TECHNOLOGY DOES NOT MAKE SOLVENCY IMPOSSIBLE
GIVING INDIVIDUALS CONTROL OF THEIR DATA DOES NOT HAMPER THE EFICIENCIES OF NEW TECHNOLOGY
ESTHER DYSON, edits the technology newsletter Release 1.0, Los Angeles Times March 20, 2000, SECTION: Business; Part C; Page 3; TITLE: CONTROL OF PRIVATE DATA BELONGS IN HANDS OF CONSUMERS, NOT VENDORS // acs-VT2001
So the solution is not to stop progress, to eliminate the collection and use of data, or miss all the efficiencies and conveniences new technology affords. It's to put control of the data back where it belongs--in the hands of the individuals who generate it.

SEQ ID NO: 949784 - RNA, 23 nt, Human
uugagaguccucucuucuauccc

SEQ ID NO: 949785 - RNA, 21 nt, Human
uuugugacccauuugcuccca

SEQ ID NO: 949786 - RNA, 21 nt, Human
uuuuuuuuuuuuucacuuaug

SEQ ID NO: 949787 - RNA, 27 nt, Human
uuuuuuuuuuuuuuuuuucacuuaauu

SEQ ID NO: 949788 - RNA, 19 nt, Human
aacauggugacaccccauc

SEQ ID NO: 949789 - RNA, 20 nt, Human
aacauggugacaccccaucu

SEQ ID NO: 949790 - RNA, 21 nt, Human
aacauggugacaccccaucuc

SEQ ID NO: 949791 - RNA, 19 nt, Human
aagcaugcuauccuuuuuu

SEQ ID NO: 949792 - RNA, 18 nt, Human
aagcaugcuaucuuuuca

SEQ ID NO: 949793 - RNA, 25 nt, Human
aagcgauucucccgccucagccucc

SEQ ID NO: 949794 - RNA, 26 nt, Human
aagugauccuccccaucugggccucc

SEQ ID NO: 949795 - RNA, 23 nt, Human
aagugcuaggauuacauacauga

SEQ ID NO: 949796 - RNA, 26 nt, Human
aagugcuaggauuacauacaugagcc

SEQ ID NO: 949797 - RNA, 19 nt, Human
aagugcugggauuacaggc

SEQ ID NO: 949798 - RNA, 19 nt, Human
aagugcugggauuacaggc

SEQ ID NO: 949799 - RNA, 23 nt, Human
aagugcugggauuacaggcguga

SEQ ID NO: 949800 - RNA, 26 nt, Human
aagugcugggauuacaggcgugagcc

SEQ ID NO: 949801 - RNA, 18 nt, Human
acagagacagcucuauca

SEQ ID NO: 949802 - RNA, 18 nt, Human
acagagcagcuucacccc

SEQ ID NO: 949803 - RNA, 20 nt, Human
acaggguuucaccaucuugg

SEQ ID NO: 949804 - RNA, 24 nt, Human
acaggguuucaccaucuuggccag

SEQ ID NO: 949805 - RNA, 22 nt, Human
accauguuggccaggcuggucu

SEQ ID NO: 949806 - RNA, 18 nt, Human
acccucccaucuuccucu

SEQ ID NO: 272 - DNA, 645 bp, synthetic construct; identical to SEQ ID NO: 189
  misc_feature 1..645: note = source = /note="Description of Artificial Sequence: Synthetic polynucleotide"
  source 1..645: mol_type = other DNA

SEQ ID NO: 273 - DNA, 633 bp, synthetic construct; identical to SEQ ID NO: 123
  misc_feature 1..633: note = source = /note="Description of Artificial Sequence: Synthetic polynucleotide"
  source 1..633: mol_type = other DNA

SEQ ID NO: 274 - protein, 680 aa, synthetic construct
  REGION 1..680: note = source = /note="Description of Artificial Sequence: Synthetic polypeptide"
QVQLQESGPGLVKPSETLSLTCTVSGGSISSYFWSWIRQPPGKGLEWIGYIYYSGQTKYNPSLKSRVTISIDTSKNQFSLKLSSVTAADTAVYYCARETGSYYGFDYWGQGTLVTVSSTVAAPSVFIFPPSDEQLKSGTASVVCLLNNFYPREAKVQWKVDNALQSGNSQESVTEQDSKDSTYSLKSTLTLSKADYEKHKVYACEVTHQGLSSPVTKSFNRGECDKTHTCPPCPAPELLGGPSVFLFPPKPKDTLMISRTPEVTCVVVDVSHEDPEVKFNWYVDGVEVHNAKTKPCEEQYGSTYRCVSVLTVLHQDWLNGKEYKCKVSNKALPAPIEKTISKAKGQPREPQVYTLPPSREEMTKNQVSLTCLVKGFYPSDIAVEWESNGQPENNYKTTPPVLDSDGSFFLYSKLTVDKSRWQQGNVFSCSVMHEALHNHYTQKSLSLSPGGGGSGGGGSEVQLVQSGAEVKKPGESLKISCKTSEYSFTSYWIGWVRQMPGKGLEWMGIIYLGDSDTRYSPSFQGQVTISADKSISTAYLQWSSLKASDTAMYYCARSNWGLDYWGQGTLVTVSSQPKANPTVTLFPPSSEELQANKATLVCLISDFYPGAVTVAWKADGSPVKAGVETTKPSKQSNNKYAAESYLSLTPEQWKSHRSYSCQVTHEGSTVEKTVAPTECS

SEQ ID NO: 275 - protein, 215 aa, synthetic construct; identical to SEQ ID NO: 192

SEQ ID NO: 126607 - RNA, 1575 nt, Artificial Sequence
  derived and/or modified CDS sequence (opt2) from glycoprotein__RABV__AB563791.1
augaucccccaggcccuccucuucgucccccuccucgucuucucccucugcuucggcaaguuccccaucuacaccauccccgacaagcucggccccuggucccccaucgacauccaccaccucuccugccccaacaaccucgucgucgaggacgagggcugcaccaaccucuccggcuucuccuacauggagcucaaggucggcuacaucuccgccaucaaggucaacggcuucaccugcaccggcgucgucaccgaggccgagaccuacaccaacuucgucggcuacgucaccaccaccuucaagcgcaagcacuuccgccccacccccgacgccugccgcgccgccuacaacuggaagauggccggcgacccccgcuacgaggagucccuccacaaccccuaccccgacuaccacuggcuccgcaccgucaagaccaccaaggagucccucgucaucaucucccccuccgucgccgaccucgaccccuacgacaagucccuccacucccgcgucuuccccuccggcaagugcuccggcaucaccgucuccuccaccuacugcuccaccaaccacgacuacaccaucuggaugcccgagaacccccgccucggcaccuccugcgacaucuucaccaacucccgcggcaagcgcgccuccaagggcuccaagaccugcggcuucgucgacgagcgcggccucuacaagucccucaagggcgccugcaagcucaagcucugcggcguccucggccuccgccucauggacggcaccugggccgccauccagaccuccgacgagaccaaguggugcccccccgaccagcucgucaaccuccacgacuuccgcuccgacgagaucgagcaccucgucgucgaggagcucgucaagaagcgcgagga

By and large, that doesn't mean passing new laws, but rather setting new expectations--getting individuals to demand the terms and conditions they have a right to.
PRIVACY VIOLATION NEED NOT BE INEVITABLE BECAUSE OF TECHNOLOGY
Rep. Bruce Vento, D-Minn., Star Tribune (Minneapolis, MN), November 4, 1999, SECTION: NEWS; Pg. 18A TITLE: Consumers deserve action on privacy now // acs-EE2001
This violation should not be an inevitable result of the electronic revolution. While technology has advanced, consumer privacy protection laws have not. Today, there is no federal law to protect your privacy or to stop the sale or sharing of your financial records with third-party companies.